Jeff Bezos just made a rather hefty purchase. The CEO and founder of Amazon has bought The Washington Post.
While emphasizing that he has no intention of making dramatic leadership changes or moving to the District from "the other Washington," here's a snippet hinting at a long-term agenda:
There will of course be change at The Post over the coming years. That’s essential and would have happened with or without new ownership. The Internet is transforming almost every element of the news business: shortening news cycles, eroding long-reliable revenue sources, and enabling new kinds of competition, some of which bear little or no news-gathering costs. There is no map, and charting a path ahead will not be easy. We will need to invent, which means we will need to experiment. Our touchstone will be readers, understanding what they care about – government, local leaders, restaurant openings, scout troops, businesses, charities, governors, sports – and working backwards from there. I’m excited and optimistic about the opportunity for invention.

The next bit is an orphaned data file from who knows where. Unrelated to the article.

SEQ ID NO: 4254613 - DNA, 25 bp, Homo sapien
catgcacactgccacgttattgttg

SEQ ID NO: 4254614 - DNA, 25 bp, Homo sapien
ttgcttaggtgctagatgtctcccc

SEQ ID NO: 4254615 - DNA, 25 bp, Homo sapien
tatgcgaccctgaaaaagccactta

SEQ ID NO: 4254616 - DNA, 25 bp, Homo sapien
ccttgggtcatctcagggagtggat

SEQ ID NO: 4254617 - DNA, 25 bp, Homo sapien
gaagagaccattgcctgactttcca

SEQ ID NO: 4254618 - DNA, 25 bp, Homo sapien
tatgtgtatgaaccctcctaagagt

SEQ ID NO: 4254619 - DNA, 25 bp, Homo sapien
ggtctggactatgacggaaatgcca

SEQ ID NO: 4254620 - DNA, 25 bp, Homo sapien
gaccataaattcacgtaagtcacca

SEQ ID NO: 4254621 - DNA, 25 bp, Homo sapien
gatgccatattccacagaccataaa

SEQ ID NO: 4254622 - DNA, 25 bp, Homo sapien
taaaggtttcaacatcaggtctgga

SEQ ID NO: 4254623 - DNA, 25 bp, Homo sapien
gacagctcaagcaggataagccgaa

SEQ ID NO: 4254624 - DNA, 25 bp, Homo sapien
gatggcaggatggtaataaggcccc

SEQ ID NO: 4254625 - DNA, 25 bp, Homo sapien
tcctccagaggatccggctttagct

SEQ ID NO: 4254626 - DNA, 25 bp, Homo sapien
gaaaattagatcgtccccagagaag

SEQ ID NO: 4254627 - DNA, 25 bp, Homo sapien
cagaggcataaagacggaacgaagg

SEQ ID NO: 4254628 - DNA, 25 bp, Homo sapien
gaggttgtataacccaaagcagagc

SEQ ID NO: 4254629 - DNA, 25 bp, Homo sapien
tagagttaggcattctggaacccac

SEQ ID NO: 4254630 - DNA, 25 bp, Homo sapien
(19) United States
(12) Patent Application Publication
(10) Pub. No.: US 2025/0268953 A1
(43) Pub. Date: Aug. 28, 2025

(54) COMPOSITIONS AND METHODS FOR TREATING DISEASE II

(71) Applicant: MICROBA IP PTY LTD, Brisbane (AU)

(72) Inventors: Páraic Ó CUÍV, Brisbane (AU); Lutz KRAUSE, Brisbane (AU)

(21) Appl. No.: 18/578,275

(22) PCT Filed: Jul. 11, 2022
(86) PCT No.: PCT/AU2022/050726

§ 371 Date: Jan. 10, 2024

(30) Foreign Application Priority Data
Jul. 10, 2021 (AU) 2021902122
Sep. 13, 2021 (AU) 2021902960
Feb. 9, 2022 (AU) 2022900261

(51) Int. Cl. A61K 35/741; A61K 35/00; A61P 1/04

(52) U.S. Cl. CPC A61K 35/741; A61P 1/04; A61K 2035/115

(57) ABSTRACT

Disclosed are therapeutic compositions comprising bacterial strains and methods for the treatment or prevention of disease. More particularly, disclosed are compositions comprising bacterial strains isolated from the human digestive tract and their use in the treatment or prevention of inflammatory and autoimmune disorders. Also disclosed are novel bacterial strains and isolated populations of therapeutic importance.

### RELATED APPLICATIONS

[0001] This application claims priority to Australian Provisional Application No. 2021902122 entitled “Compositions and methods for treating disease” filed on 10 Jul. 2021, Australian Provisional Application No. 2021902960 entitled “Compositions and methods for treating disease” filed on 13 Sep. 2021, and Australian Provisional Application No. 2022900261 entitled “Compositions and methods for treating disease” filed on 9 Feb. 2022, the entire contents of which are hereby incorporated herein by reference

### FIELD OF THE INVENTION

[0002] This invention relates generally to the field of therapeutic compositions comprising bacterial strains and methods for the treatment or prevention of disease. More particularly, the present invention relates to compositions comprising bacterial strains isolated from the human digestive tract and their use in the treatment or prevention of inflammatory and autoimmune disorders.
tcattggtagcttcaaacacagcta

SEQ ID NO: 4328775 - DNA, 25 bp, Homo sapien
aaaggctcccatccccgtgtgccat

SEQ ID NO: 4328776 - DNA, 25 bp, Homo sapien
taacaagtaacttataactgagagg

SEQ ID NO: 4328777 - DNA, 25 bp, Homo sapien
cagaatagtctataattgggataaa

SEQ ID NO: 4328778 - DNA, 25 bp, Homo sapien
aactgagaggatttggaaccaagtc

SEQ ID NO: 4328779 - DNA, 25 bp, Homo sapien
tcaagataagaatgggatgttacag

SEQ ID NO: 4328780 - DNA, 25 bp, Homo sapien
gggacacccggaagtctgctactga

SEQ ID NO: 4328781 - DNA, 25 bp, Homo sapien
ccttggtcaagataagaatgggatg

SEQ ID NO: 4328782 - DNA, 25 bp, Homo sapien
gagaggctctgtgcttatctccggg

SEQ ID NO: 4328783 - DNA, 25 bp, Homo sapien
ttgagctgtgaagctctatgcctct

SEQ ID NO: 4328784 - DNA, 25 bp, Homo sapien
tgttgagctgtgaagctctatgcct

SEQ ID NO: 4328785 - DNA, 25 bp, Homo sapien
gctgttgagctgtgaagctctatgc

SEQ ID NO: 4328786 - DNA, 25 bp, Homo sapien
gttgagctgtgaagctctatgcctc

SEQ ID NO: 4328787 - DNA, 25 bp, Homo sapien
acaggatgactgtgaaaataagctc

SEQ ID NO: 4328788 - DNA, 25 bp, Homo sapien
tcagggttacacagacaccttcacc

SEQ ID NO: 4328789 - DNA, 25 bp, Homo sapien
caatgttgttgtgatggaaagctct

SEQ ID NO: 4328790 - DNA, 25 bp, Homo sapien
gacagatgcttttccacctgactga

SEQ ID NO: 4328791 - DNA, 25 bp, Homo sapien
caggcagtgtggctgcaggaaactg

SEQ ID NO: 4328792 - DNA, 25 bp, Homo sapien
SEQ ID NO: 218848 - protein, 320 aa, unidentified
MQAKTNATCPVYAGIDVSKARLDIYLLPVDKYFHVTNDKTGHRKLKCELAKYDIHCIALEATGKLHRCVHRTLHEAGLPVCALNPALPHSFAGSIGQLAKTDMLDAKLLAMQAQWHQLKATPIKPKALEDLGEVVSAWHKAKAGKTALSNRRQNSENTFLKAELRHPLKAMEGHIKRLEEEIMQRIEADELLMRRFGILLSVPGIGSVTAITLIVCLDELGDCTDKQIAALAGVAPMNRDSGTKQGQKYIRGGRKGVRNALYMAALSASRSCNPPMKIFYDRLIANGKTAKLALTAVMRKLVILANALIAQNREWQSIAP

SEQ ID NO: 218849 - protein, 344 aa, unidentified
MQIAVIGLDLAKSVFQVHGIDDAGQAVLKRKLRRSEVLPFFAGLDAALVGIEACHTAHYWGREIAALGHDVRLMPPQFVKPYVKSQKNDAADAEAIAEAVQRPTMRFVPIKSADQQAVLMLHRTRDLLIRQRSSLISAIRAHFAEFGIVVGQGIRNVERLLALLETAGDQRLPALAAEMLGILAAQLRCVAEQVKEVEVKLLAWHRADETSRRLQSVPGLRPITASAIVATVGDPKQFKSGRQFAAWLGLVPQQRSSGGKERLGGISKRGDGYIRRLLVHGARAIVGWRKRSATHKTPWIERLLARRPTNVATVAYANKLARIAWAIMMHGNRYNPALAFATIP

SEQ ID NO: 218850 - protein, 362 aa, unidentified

Bezos is paying approximately $250 million in cash for The Post as well as affiliated publications within the Washington Post Co. portfolio.
The deal is expected to be completed within the next two months.
The move is arguably a surprise to many in both the technology and media worlds.
For starters, Bezos has no history running a newspaper or similar news media organization.
But based on the report from the Post itself, apparently Amazon as a company will not have any active role or influence over the venerable news outlet.
If and when the deal goes through, Bezos will be the sole owner of the Washington Post Company, replacing the Graham family.
The Washington Post Company's chief executive officer Donald Graham acknowledged financial and circulation declines in an interview with the Post.
He also admitted that selling to Bezos doesn't guarantee "success but it gives us a much greater chance of success."
Management and operation of the Washington Post is expected to continue business-as-usual -- at least for the near future.